Therefore, do not be anxious about tomorrow, for tomorrow will be anxious for itself. Sufficient for the day is its own trouble
Friend to Friend
A quick look at my upcoming calendar nearly launched me in an enthusiastic episode of hyperventilation. Paper bag? Anyone have a paper bag?! As I scanned Monday, Tuesday, Wednesday and every day following for several weeks, any free time and possibility of rest were swallowed up by commitments and responsibility. Once again, I’d said “yes” to too many appointments, meetings and projects. I knew better, had been here before. And yet, once again, I found myself in a wrestling match between promises made and potential meltdown.
The more I looked at the never-ending stretch of days, the more I felt buried under the weight of it. And with the weight came frustration, irritation, and anger. Even panic. How would I get it all done? It felt impossible. Worse, I knew if I didn’t get my emotions under control, it was only a matter of time before they spilled out on those around me, namely my husband and children.
I needed to get a grip. Fast. And that’s when I remembered eight of Jesus’ words:
“Sufficient for the day is its own trouble.” (Matt. 6:34)
In other words, you and I have more than enough to handle today. Today requires nothing less than our full attention. As for tomorrow and the next day and the many days yet to come years from now? We’ll have what we need for those days the moment we wake up to them, and not a moment before. Today takes up all the space our hands can hold. So why reach for days that haven’t yet come to pass?
Rather than looking at the calendar—or circumstances—months and years, it’s best to tackle life one day at a time. There was no way I’d get through this full season by panicking at the magnitude of it. Instead, I needed to take one day at a time, trusting God’s provision and presence to be sufficient for each one.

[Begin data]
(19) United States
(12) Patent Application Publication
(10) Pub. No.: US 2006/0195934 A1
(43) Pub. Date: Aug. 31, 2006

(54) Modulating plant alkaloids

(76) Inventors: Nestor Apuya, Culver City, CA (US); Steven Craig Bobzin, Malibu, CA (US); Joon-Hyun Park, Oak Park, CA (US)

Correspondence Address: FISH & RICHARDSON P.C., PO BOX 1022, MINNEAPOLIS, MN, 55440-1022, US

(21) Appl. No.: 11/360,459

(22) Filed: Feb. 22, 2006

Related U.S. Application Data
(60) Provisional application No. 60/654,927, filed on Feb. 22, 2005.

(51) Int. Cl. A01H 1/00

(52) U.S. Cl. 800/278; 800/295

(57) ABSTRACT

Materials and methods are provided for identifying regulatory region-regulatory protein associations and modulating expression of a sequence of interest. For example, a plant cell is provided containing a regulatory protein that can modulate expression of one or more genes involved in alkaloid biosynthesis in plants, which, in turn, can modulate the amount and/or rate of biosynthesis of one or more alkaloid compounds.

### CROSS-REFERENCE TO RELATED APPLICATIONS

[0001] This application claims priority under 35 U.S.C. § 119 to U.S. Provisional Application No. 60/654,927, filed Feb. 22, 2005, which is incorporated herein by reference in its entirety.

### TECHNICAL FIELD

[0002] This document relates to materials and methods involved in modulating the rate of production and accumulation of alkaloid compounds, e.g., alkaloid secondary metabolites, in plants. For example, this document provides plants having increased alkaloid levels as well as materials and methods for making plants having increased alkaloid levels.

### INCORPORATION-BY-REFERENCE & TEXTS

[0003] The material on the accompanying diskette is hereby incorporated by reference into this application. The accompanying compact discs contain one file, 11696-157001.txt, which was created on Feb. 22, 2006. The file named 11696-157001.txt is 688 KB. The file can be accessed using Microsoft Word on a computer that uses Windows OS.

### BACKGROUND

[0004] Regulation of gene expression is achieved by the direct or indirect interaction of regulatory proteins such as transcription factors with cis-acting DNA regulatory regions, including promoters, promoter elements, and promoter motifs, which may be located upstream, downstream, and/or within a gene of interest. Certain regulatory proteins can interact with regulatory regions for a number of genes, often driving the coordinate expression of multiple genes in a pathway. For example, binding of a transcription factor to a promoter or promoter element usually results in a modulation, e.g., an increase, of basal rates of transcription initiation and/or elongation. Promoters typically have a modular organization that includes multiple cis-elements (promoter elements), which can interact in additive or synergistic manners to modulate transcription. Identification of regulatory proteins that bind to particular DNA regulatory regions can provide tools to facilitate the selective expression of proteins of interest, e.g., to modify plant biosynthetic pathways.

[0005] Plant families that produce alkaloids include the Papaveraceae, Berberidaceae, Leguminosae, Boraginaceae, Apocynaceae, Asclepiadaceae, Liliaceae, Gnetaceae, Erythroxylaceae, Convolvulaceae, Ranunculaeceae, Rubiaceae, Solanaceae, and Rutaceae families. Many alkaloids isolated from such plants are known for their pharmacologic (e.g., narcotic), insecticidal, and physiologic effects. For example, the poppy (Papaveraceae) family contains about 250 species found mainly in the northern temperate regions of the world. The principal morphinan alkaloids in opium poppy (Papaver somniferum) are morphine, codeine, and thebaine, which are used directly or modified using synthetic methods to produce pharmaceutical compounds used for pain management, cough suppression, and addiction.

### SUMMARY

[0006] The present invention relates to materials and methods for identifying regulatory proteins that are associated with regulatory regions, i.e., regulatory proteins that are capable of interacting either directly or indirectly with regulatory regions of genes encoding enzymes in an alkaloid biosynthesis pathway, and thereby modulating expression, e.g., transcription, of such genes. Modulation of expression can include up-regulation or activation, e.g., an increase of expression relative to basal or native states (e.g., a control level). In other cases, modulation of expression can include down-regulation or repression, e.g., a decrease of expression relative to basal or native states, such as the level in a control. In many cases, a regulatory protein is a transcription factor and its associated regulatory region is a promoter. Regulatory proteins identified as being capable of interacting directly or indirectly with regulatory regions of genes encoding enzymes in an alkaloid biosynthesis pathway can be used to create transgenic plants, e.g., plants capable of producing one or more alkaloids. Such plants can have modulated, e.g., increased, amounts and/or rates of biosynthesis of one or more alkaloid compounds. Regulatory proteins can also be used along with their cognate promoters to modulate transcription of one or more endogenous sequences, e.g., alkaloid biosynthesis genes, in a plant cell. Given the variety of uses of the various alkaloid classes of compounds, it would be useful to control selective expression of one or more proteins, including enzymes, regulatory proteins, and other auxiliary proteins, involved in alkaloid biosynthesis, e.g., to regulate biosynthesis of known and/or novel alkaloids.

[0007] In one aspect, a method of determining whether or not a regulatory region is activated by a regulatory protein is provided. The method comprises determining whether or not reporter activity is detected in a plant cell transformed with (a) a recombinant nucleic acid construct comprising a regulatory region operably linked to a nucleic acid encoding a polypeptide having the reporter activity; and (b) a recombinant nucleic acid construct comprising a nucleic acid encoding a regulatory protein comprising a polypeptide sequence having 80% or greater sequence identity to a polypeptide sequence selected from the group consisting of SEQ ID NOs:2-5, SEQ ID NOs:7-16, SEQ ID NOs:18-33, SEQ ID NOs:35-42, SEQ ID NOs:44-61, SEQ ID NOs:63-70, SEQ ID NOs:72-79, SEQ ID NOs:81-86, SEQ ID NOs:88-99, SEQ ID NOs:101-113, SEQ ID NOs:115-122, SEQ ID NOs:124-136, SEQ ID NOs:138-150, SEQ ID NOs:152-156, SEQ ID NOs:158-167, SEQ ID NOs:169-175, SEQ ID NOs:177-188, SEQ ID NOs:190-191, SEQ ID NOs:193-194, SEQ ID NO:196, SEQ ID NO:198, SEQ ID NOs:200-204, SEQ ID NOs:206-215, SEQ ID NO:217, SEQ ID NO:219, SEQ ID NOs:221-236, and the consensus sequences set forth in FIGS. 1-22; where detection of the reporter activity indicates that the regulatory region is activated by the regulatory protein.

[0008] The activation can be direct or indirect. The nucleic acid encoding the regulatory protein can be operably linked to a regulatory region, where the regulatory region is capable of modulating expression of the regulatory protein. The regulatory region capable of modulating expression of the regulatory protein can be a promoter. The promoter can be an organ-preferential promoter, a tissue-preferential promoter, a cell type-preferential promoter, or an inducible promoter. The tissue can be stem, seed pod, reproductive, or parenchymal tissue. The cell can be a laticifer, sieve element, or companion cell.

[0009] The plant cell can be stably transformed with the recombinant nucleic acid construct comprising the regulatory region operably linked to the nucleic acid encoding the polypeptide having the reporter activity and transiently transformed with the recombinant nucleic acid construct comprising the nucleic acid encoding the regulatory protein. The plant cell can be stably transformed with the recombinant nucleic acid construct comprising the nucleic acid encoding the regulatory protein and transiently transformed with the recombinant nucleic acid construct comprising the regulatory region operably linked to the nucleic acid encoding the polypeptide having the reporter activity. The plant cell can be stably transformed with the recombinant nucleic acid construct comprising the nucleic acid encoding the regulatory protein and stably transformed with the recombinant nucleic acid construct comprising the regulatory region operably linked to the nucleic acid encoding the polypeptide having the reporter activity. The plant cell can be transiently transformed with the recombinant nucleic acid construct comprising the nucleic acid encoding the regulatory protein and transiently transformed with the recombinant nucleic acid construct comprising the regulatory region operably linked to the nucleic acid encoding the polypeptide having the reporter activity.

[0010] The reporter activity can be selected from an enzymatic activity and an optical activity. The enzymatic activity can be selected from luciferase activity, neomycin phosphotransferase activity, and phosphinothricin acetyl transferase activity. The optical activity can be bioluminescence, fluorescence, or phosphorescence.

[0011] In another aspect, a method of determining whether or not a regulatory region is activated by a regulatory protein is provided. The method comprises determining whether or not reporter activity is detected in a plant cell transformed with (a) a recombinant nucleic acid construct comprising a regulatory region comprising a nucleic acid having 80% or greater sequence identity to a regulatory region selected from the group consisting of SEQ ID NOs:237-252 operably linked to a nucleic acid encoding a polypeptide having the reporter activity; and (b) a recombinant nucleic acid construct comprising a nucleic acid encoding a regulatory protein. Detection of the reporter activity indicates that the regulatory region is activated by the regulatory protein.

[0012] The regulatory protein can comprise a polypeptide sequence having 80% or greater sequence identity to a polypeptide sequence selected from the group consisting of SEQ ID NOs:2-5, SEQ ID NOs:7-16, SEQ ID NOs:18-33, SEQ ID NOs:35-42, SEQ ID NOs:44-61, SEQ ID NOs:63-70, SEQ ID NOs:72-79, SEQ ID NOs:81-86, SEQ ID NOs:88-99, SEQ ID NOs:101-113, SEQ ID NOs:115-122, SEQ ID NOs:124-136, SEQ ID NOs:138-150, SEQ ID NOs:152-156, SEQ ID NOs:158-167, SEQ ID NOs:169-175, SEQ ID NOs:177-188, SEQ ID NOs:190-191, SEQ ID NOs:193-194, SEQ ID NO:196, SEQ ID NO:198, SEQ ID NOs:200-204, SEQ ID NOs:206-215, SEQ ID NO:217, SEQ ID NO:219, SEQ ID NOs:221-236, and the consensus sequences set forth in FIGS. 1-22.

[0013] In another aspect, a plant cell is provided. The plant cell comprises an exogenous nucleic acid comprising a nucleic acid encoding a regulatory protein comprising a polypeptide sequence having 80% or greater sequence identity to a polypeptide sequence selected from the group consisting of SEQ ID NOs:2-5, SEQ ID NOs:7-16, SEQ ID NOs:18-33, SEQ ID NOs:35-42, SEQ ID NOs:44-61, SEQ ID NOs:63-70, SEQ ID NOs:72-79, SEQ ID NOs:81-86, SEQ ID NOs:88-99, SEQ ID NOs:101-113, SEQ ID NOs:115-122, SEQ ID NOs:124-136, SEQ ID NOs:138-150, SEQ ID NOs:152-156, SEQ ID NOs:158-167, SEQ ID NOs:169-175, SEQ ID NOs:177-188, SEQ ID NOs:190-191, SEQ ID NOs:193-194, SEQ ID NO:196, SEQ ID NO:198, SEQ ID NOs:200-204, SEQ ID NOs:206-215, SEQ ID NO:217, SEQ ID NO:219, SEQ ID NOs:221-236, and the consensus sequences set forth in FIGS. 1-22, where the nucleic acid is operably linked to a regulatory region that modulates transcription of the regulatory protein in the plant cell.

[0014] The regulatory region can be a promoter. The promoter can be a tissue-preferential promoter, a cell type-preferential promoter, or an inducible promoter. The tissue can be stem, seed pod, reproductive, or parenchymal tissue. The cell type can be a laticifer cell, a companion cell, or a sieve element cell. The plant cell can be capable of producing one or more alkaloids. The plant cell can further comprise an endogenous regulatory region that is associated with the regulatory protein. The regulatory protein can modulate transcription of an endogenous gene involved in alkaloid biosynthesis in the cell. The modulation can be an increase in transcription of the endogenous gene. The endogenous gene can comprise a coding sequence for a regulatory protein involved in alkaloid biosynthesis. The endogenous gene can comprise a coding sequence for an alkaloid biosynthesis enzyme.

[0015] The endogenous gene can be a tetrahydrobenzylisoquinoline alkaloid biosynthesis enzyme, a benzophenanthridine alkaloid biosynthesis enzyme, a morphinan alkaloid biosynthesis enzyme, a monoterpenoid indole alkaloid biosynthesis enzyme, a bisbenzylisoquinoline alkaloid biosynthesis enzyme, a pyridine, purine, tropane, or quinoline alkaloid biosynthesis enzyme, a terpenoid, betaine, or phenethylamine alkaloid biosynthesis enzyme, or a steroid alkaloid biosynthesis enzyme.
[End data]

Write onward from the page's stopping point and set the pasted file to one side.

And, yes, it was also time I learned how to say “no” so I didn’t end up in this predicament again. Jesus could help me with that, too.
If you find yourself in an overwhelmed season, friend, I get it. Sometimes life IS more than we can handle. So, don’t try to tackle all of life in one 24-hour block. Instead of panicking at all your tomorrows, take a deep breath and pray your way through today. Let tomorrow’s troubles rest on tomorrow’s shelf, and keep your hands (and heart and mind) free to handle what is right in front of you.
Then, with an exhale, trust that the One who holds all of time in His able Hands will walk with you through whatever tomorrow may bring. Just as He did for you today.
Dear Lord, I spend far too much time worrying about things I cannot control. But today I’m choosing to trust You with all of it. I put all my tomorrows in your hands, and I trust You’ll give me the strength needed when those tomorrows come. For now, let’s You and I walk through today, together. Thank You for your patience and presence.
In Jesus’ Name,
Now It’s Your Turn
What future worry are you wrestling with today? Say it aloud or perhaps write it on a piece of paper. Then, fold the paper in half and tuck it into your Bible with the words, “God, I trust you with my tomorrows. I put them all in your hands.”
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A storyteller at heart, Michele Cushatt writes and speaks on the necessity of perseverance, leadership and faith in the hard places. A three-time tongue cancer survivor and mama to children “from hard places,” Michele is a (reluctant) expert of pain, trauma and our deep human need for real connection. She lives in Colorado with her husband and their six children, ages 11 to 26. To find out more about Michele and her incredible story, pick up a copy of her book Undone: A Story of Making Peace With An Unexpected Life, or stop by her website at www.MicheleCushatt.com.